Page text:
Pay off all your credit cards as the interest rates are very high. Consolidate your loans for a cheaper rate and a single monthly payment which is easier to keep track of.

Do a budget and see where your money really goes. Decide what you can really afford and don’t overspend.

Carol asks…

What are common expenses for teens just moving out?

I’m moving out when I’m 18, and I would like to know expenses for that. Like bills, stuff I need, house up-keep, food, home payments,etc.
Basically how much it would cost!
Thank you(:

Administrator answers:

That is a hard question to answer because the price of renting an apartment or house varies by city. I will break it down for you as it is in my city monthly bill: 1. Rent $500 or higher, but you can off-set the cost with getting a friend to go halves on rent. 2. Electricity $200, can be much lower if you turn all those extra lights off and install those extremely low wattage energy savings light bulbs. 3. Water/Sewage $50, could be more because my city has cheap priced water but base sewage bill off it ( sewage is 3.5 times more then water.) 4. Washing clothes for the month requires $20 in quarters to use laundry mat and that’s not counting costs for detergent/bleach/fabric softener. 5. StartUp Costs for a vacuum cleaner/broom/mop/Mr. Clean etc. Initial cost of $250. 6. Food is expensive and prices are climbing with gas prices soaring $160, and it could be much higher if eating fast-food or expensive coffee. 7. StartUp Costs for furniture, coffee maker, sheets, pillow/pillow case, blanket or a bed $1000 but could be much much less if you get great looking stuff from Goodwill or Salvation Army. 8. Transportation Costs: Gas, Insurance, Maintenance, repairs, and paying the monthly note for your car 300/month or more because car insurance is highest for your young age. 9. There are lots of other costs from renter insurance to your personal medical insurance. $100/month.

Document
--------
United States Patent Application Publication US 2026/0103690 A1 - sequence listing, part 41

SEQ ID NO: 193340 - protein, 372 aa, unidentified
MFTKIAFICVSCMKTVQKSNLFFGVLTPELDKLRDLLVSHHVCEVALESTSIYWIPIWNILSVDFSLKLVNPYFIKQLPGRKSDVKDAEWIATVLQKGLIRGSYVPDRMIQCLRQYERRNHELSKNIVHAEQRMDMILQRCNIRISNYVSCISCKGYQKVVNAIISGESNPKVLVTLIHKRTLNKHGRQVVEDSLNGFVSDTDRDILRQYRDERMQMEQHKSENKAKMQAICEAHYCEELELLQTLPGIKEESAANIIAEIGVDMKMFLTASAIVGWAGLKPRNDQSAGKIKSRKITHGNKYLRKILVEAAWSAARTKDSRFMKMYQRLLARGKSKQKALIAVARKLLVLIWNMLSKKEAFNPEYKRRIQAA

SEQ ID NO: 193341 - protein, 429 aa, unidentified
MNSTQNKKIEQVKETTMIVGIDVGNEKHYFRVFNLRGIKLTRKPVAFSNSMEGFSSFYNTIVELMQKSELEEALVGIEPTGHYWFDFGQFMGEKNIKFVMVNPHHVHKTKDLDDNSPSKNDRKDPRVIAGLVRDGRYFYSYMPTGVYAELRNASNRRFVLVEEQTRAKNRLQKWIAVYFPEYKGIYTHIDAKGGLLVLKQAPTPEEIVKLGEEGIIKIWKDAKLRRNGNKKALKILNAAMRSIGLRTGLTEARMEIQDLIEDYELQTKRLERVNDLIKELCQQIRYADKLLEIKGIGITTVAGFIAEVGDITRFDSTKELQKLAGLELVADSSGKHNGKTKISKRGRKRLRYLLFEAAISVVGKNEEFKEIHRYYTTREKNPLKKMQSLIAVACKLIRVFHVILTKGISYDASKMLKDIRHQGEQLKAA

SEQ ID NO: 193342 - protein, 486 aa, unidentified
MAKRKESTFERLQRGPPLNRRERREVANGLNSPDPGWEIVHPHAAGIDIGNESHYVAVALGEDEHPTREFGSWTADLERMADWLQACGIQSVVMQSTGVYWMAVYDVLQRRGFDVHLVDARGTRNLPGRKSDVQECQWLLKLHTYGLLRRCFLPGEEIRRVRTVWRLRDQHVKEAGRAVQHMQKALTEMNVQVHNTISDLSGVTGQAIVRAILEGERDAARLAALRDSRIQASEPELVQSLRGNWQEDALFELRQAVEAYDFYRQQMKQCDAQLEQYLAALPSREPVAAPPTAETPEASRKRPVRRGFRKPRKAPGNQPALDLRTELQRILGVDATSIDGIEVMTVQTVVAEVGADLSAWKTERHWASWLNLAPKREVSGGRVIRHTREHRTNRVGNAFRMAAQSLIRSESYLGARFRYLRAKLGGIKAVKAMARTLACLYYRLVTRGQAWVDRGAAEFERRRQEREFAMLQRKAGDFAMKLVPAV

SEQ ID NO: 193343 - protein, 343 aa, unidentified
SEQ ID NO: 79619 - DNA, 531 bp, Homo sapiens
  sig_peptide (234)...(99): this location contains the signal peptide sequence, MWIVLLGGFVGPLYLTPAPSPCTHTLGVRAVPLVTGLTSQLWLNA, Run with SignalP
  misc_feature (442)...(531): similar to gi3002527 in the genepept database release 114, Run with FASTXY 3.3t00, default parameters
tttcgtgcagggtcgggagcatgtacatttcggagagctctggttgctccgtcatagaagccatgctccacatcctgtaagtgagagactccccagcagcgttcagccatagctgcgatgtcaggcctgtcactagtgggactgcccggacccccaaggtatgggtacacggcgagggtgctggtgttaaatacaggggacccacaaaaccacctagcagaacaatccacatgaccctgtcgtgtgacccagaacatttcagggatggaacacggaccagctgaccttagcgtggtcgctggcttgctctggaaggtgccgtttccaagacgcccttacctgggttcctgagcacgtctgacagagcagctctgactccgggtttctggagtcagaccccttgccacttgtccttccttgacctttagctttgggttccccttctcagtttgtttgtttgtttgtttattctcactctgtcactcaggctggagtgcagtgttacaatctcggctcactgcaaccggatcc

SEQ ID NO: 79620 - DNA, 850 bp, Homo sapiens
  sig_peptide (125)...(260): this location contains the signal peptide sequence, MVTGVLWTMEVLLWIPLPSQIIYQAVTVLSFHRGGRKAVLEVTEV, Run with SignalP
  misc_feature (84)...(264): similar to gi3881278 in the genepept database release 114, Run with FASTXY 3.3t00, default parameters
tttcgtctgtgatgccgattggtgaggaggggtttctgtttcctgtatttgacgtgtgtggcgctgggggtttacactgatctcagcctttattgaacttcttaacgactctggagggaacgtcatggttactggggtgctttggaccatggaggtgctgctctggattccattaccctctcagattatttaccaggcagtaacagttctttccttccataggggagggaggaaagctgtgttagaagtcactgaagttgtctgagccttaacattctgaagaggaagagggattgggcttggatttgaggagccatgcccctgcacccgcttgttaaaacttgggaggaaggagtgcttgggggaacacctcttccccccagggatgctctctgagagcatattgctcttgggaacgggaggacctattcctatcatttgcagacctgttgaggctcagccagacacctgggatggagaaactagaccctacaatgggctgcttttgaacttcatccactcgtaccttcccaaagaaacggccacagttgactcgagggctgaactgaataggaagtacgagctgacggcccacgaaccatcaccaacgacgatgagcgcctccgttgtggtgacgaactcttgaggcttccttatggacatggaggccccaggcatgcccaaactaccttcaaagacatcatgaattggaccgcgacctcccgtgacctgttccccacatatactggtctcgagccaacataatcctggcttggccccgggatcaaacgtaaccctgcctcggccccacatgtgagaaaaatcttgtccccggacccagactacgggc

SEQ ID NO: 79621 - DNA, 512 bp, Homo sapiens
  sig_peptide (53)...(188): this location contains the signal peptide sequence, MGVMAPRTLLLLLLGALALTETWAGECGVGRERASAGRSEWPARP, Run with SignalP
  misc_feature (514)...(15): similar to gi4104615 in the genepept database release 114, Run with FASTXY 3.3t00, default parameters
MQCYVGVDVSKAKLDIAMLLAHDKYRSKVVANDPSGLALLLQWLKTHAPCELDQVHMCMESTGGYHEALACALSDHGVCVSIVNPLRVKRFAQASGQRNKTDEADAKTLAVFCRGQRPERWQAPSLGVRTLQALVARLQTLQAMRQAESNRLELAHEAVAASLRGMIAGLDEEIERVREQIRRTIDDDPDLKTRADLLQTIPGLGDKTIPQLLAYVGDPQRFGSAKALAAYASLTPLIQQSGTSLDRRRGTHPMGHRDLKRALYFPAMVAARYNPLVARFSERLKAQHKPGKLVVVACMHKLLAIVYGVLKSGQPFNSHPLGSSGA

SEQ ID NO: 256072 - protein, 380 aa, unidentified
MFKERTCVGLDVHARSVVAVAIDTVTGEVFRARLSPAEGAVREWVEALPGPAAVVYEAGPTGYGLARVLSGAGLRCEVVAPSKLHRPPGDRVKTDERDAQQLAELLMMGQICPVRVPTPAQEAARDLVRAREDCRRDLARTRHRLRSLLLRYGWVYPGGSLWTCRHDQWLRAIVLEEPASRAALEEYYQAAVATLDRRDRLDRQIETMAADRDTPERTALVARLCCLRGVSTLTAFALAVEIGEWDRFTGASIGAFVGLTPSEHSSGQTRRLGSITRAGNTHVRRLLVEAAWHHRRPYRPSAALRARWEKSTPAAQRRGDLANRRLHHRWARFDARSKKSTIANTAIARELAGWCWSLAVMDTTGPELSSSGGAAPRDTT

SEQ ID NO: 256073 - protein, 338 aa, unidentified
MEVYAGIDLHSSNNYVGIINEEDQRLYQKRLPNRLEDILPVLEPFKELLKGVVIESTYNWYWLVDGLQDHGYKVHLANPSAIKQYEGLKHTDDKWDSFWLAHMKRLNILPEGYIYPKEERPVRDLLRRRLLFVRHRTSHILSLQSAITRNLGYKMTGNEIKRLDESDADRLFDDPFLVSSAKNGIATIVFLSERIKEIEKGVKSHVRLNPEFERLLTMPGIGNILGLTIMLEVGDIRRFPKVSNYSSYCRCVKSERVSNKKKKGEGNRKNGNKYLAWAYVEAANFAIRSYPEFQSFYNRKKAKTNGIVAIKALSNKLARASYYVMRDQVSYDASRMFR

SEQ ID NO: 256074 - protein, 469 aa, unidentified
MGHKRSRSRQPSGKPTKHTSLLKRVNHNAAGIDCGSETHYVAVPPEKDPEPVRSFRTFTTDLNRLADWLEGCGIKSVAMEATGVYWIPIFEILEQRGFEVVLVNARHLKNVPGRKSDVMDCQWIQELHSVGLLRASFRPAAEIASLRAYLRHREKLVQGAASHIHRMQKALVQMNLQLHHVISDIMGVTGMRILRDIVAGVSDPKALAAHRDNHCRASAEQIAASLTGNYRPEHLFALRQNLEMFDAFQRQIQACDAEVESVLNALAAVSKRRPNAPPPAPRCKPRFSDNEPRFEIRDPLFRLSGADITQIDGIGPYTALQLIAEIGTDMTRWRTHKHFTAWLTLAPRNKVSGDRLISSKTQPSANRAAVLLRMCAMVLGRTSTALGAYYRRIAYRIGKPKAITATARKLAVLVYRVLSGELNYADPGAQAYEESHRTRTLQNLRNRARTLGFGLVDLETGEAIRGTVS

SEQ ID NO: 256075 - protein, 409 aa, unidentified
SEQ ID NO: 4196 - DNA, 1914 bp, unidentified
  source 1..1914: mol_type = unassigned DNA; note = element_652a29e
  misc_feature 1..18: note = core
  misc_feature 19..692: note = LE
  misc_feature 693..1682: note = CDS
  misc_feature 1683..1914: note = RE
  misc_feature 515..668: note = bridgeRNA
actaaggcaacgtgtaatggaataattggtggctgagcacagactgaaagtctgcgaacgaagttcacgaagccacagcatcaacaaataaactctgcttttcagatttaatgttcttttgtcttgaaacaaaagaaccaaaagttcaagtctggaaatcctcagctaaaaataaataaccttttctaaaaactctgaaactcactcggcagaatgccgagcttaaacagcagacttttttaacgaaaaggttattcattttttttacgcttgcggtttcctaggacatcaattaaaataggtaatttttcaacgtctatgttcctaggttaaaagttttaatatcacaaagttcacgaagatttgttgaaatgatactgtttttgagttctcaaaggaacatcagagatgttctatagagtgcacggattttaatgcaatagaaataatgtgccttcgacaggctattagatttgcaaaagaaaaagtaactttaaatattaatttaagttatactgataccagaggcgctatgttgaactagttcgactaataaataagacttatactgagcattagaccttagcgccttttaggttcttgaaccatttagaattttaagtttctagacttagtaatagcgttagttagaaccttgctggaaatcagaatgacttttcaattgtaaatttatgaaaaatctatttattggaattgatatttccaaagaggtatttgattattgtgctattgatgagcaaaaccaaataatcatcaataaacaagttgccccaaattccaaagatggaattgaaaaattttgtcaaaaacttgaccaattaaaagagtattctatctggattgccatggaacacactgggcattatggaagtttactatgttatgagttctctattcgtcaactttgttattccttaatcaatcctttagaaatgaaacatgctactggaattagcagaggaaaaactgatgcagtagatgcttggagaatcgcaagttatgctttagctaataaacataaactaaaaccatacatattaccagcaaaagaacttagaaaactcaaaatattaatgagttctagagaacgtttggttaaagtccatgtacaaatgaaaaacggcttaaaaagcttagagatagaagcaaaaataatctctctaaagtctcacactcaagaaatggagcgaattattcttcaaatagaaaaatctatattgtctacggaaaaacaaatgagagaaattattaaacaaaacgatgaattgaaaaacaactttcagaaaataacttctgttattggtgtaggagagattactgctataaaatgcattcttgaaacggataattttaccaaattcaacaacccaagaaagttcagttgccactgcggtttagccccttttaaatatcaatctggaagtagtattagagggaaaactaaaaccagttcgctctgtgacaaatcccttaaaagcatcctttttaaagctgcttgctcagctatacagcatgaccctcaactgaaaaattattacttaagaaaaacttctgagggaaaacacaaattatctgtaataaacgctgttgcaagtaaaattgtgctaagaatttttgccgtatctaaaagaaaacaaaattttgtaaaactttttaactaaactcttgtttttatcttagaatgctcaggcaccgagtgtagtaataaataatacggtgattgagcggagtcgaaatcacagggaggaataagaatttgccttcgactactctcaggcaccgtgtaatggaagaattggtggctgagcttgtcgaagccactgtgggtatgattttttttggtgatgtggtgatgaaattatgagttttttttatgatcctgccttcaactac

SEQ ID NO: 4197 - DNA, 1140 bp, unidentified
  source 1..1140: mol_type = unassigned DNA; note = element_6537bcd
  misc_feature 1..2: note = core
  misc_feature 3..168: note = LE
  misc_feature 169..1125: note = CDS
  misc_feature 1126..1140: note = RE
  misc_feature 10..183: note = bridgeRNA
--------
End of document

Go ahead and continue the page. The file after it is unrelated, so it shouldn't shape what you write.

If it were me I would buy RV and rent a lot at the camp ground it would really lower many of your monthly bills. Living on you own is hard and remember to not sign a lease on anything as you probably are aware that jobs are unsteady so if you can’t pay the bills then you could find yourself in court for non bill payment. I hope I open your eyes a little and didn’t scare you with all the costs, I can see your mighty smart because your already asking grown up questions. Good Luck